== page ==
Summer thrillers you won't want to miss

Vannessa Cronin on June 22, 2020
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10 summer thrillers you won't want to miss

Some years it can be difficult coming up with ten mystery and thriller titles to recommend in July, and especially in August. Most thrillers have published earlier in the summer, and late summer is almost a lull period before the heavy hitters come along in September and October. This summer though, there are many exciting thrillers scheduled for July and August. One of the few upsides to COVID-19 is that some excellent mysteries and thrillers were re-scheduled from earlier in the year to late summer. Here's a look at some of the thrillers we're excited about, books that will see you through the rest of the summer.


The Wife Who Knew Too Much by Michele Campbell

From the author of It's Always the Husband comes a thriller about the two Mrs. Fords. The first is glamorous, accomplished, wealthy, and now dead. The second Mrs. Ford is a young, former waitress who finally finds herself married to her summer love from long ago—Connor Ford. She's wealthy beyond her wildest dreams, but a little concerned about how the path to her happiness was cleared.


The Wicked Sister by Karen Dionne

Rachel Cunningham has voluntarily been locked away in a psychiatric facility for well over a decade, tortured by the deaths of her parents, which she takes responsibility for, though the gaps in her memory prevent her from remembering how she killed them. Encouraged by a journalist, she returns to her family’s log cabin in the remote forests of Michigan’s Upper Peninsula to make sense of her past. And the part her troubled sister Diana played in their family drama.


The Eighth Detective by Alex Pavesi

If Moneyball were about thrillers instead of baseball, and was written by Christopher Nolan, you might wind up with The Eighth Detective. It’s about an ambitious young editor, Julia, who travels to the remote Mediterranean island where Grant—a former thriller writer and professor of mathematics—lives in seclusion. As she edits his mystery anthology for reissue, she discovers typos that may in fact be deliberately placed clues to a much bigger, real-life mystery.


The End of Her by Shari Lapena

Stephanie and Patrick are still in the honeymoon phase of marriage (despite colicky twin baby daughters) when Erika, a face from Patrick's past, turns up with disturbing claims about Patrick's late first wife. Though Patrick protests he's being wrongly accused, Erika is convincing enough to make Stephanie's faith in her husband waver. Who's telling the truth? Because knowing who to trust could mean the difference between life and death for Stephanie.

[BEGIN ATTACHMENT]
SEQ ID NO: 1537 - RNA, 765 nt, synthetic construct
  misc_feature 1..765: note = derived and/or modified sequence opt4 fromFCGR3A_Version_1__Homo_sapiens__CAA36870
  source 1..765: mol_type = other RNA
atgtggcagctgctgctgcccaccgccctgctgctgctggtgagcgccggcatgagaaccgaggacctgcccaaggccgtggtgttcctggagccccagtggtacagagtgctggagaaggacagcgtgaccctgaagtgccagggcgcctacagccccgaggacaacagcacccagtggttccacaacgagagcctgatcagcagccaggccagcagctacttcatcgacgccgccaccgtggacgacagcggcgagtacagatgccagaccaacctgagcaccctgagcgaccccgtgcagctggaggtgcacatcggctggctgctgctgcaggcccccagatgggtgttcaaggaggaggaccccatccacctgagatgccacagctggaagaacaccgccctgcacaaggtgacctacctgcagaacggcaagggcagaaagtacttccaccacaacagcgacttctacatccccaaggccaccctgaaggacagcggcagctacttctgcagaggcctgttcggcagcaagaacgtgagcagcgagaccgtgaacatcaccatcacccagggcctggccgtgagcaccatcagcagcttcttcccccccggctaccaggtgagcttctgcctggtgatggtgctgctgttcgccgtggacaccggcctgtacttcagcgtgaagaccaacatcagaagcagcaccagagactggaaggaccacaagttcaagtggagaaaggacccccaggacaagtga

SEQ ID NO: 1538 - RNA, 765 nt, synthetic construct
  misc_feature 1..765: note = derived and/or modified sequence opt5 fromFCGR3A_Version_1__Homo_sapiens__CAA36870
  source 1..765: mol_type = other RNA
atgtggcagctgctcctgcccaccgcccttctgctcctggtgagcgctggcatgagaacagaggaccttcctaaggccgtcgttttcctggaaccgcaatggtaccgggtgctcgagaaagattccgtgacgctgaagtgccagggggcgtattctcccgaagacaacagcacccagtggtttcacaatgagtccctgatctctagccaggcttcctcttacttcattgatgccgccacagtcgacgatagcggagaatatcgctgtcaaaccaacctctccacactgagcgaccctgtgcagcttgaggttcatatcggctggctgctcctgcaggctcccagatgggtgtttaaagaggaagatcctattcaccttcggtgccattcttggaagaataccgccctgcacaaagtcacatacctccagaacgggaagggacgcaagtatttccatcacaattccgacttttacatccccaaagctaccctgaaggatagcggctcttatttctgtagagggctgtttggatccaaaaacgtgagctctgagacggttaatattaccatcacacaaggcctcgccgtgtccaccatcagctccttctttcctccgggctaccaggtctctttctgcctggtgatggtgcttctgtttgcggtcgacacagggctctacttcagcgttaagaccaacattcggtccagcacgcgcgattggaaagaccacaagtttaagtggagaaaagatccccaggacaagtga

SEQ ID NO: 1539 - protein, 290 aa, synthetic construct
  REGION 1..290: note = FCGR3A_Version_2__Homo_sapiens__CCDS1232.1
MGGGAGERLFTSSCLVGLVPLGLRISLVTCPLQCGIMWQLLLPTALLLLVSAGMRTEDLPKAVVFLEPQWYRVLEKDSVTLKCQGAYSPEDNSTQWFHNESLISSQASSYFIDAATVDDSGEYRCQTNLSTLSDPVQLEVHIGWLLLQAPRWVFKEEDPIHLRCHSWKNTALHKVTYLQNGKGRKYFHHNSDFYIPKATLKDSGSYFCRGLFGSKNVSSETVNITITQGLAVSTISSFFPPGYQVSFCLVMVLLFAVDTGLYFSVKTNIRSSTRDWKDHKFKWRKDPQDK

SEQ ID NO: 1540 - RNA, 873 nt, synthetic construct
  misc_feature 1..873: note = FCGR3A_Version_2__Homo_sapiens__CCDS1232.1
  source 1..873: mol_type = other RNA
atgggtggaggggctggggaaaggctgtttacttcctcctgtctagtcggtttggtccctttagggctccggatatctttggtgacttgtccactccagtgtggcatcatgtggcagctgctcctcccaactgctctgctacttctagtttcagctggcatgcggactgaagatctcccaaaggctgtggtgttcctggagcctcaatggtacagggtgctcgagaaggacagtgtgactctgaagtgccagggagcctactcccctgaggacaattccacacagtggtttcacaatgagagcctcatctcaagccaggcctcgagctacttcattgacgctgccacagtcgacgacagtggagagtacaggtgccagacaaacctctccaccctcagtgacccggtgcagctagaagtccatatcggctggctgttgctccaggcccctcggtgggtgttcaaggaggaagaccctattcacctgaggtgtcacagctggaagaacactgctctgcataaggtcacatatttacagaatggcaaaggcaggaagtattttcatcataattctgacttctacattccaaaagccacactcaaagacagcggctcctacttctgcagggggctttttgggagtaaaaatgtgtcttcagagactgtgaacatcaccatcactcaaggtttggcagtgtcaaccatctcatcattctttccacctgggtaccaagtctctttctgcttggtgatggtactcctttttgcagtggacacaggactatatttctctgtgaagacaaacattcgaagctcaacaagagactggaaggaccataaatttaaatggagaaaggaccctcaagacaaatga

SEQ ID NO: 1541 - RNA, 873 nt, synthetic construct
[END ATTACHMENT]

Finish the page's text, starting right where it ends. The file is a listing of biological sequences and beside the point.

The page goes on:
The Nothing Man by Catherine Ryan Howard

As supermarket security guard Jim Doyle reads The Nothing Man, the survivor memoir Eve Black has written about the attack on her family that left her alone in the world at the age of twelve, he becomes enraged. Because he is the Nothing Man. And reading Eve's words, he realizes that her efforts to track down her family's killer have been successful, and that she's close to unmasking him as the killer. He will have to stop her, one way or the other.


Little Disasters by Sarah Vaughan

In Anatomy of a Scandal, Sarah Vaughn wove a white-knuckle thriller out of the #MeToo movement. White knuckles will be the order of the day with Little Disasters too, as Vaughn spins a story out of what has to be every parent's nightmare. When the baby daughter of one of her friends is brought to her for treatment, pediatrician Liz faces a dilemma. As sure as she is that Jess would never harm her own child, there's irrefutable medical evidence that someone has. But Liz's obligation to report her findings will cause problems: personal, professional, and legal.


Nothing Can Hurt You by Nicola Maye Goldberg

Inspired by a true story, each chapter of Nothing Can Hurt You is told from the multiple points of view of those affected by the death of Sara Morgan, a popular student killed in the woods near her small liberal arts college in upstate New York. Whether it’s Sara's boyfriend Blake, who confesses to her murder, or the housewife who discovered Sara’s body, alternating narrators spin a powerful story and provide an intriguing look at the ways in which gender violence ripples through an entire community.


The Hollow Ones by Guillermo del Toro and Chuck Hogan

When Walt Leppo, a decorated FBI agent, turns violent and guns down a murderer he is supposed to apprehend, rookie FBI agent Odessa Hardwicke is blindsided. She's even more blindsided by what she thinks she saw in the seconds after she was forced to turn her gun on her partner. Now desk-bound while she considers her future with the Bureau, she ends up on the trail of a mysterious figure named Hugo Blackwood, who is either an evil lunatic or the answer to it all.


The Lion's Den by Katherine St. John

Belle's acting career is stalled, and the waitressing job she is forced to take to make ends meet is too humiliating for words. So when her best friend Summer invites her to join her and her billionaire boyfriend on his yacht for a jaunt around the Mediterranean, it sounds perfect. But Belle isn't the only friend Summer has invited to the dream vacation, which quickly turns into a nightmare. The Lion's Den is aptly-titled, and serves up glamor, betrayal, gold-digging, Birkin bags, champagne, success, and if Belle doesn't keep her wits about her—murder.


Blacktop Wasteland by S. A. Cosby

Race, poverty, and the longing to be the kind of father and family man he never had, lure Beauregard "Bug" Montague to dip back into his former life, as the best getaway driver from North Carolina to Florida. But the diamond heist that promises to make him enough money to finally go straight for real could rob him of the life he dreams about.


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